A transatlantic flight hit a ground speed of up to 801mph due to an incredibly strong jet stream.
According to the LA Times, the Virgin Atlantic flight from Los Angeles to London peaked at the incredible speed thanks to the boost from the air current around 35,000 feet above Pennsylvania.
It meant the flight arrived in the UK 48 minutes ahead of schedule, and looks to have broken records for the Boeing 787-9 twin jet, which previously has flown at speeds of up to 776 mph.
Almost 800 mph now never ever seen this kind of tailwind in my life as a commercial pilot !! (200 mph tailwind ) pic.twitter.com/0XGTkEP9EB
— Peter James (@jetpeter1) February 19, 2019
Its ordinary cruising ground speed is 561mph, and the reading on this journey was above the speed of sound, which is 767mph.
However, experts said that while the ground speed was so high, the plane’s airspeed stayed much closer to the maximum flying standard and therefore did not break the sound barrier.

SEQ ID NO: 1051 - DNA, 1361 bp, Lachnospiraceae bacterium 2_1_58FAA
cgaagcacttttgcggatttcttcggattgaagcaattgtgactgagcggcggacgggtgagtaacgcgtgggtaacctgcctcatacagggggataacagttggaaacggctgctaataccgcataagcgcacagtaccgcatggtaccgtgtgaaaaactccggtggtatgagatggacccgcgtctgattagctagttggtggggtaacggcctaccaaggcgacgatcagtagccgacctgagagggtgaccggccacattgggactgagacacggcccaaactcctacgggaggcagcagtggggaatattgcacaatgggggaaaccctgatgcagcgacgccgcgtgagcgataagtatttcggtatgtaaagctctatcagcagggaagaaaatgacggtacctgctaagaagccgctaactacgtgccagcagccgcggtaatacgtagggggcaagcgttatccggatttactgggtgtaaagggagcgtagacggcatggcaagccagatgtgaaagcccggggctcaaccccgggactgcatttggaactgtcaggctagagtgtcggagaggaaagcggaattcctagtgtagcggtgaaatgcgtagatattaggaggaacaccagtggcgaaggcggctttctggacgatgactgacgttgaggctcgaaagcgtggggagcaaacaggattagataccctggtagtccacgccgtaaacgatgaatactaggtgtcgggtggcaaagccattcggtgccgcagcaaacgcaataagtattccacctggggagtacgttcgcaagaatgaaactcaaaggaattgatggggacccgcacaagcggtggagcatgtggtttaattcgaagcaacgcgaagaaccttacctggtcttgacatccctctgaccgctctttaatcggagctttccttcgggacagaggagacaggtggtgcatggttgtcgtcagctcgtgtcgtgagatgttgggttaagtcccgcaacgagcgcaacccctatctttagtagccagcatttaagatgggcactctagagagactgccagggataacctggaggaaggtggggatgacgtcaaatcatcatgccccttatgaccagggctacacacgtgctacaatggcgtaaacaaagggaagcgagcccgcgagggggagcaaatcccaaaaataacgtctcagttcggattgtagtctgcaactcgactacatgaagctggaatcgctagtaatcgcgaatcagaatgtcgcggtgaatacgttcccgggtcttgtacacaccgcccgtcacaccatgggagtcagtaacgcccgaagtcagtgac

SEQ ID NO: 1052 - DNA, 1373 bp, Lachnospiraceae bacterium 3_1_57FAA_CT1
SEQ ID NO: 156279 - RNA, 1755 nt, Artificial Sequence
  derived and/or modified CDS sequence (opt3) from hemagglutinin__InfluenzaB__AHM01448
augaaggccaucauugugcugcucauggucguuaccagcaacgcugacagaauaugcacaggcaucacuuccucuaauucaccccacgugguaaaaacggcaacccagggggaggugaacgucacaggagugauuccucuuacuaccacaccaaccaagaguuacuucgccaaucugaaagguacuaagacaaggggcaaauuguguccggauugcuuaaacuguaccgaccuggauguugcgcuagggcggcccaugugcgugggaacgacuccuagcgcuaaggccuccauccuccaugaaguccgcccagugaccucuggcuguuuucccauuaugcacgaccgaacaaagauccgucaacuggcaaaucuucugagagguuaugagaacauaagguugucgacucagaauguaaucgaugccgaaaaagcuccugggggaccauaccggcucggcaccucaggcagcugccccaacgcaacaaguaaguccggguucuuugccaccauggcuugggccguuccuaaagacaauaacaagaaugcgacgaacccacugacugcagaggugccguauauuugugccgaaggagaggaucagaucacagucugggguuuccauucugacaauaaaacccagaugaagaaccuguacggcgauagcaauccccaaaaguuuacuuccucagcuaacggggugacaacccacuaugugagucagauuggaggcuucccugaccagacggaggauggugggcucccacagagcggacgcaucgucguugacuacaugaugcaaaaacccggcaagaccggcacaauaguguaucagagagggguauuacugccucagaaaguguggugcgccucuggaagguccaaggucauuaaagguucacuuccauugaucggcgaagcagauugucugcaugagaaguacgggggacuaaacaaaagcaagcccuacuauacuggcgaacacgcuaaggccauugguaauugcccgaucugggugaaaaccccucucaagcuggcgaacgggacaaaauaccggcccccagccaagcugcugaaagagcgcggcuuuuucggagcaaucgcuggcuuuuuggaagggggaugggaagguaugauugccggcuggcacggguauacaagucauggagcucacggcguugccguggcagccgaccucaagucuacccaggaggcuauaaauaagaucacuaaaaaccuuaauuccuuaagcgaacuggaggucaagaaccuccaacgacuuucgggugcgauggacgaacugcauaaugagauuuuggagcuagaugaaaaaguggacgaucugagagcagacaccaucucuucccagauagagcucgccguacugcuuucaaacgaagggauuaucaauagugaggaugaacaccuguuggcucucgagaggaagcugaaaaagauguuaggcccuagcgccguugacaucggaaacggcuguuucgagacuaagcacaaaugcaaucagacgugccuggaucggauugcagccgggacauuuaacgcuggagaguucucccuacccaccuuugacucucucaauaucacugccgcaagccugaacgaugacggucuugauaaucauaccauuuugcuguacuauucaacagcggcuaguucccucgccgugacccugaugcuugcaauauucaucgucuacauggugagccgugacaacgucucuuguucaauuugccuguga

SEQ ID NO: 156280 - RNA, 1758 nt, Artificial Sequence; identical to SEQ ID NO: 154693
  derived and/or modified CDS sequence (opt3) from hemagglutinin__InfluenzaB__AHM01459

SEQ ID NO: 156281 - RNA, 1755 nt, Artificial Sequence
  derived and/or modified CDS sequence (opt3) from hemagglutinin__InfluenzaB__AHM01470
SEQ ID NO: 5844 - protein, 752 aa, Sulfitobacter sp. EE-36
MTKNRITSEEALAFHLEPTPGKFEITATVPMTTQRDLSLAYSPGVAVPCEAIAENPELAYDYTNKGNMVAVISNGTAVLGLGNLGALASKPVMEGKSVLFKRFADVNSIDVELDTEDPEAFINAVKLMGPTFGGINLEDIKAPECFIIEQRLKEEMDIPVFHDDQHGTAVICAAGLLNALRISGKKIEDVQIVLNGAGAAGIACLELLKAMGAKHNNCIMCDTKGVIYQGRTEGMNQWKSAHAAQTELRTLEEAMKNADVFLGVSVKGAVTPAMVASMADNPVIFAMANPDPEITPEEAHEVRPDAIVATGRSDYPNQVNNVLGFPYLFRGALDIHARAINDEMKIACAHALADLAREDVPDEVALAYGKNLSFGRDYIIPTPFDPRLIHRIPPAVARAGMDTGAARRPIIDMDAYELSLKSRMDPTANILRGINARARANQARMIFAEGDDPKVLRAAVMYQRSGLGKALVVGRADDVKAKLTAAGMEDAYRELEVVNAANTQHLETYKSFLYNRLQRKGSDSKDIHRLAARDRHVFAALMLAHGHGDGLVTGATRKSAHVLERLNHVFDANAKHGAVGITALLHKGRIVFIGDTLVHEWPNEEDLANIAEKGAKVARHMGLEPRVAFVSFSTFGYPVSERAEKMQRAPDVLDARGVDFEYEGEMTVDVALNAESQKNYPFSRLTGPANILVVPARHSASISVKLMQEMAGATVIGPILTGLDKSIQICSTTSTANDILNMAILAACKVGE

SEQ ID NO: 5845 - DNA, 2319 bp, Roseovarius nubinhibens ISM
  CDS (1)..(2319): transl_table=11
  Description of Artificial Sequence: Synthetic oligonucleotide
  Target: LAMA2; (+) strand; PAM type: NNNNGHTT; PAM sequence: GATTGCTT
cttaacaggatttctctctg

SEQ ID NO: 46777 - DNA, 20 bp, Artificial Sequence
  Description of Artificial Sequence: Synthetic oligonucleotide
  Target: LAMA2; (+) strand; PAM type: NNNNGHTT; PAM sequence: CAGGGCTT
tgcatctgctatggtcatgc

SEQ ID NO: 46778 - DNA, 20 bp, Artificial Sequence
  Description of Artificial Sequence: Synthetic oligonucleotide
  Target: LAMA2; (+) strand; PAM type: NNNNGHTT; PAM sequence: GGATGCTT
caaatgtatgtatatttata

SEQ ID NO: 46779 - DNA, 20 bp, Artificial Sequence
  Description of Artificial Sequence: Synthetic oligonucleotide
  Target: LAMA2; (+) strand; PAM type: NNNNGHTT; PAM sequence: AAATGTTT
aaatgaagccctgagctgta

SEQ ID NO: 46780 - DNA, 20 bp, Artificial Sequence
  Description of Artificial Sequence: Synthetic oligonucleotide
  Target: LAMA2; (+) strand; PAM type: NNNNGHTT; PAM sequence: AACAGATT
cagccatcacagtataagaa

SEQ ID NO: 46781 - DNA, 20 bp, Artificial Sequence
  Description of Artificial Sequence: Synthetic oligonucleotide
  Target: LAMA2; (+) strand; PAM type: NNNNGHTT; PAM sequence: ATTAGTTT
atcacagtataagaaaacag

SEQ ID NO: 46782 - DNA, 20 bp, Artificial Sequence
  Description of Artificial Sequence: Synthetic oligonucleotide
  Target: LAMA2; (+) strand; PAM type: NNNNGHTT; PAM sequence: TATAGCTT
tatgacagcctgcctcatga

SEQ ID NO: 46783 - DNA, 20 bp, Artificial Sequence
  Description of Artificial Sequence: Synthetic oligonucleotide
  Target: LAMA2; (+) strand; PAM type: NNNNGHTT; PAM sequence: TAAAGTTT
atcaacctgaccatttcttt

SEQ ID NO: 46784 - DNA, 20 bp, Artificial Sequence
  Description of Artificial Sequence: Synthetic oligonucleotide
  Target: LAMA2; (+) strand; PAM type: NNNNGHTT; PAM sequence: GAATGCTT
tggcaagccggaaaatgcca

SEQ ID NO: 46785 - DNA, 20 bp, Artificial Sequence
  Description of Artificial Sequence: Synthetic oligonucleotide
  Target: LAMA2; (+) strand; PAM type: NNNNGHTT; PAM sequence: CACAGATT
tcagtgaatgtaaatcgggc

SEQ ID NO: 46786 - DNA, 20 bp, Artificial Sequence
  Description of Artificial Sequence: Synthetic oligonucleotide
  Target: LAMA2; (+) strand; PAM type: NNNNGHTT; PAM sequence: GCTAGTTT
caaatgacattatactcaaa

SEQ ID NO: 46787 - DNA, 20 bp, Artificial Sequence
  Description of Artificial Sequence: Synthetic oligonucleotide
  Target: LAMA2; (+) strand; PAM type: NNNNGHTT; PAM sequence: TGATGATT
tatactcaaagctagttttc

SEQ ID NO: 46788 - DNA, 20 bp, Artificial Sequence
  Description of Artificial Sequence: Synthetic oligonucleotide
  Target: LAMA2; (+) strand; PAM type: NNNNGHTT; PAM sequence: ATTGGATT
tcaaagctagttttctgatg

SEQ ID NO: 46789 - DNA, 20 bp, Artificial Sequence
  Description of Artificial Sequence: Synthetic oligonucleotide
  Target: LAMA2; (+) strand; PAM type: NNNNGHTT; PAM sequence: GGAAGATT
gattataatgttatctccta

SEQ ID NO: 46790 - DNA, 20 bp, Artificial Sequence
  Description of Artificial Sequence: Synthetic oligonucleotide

Ground speed is defined as the speed of the aircraft relative to a point on the ground, while airspeed is the difference between ground speed and wind speed.
Airspeed measures how fast the plane is flying through the air, with ground speed how fast it’s getting where it’s going.
Several flights across the US in recent days have noticed eastward journey times dropping thanks to the conditions.
It also means that planes travelling in the opposite direction, against the current, will take longer to reach their destinations.
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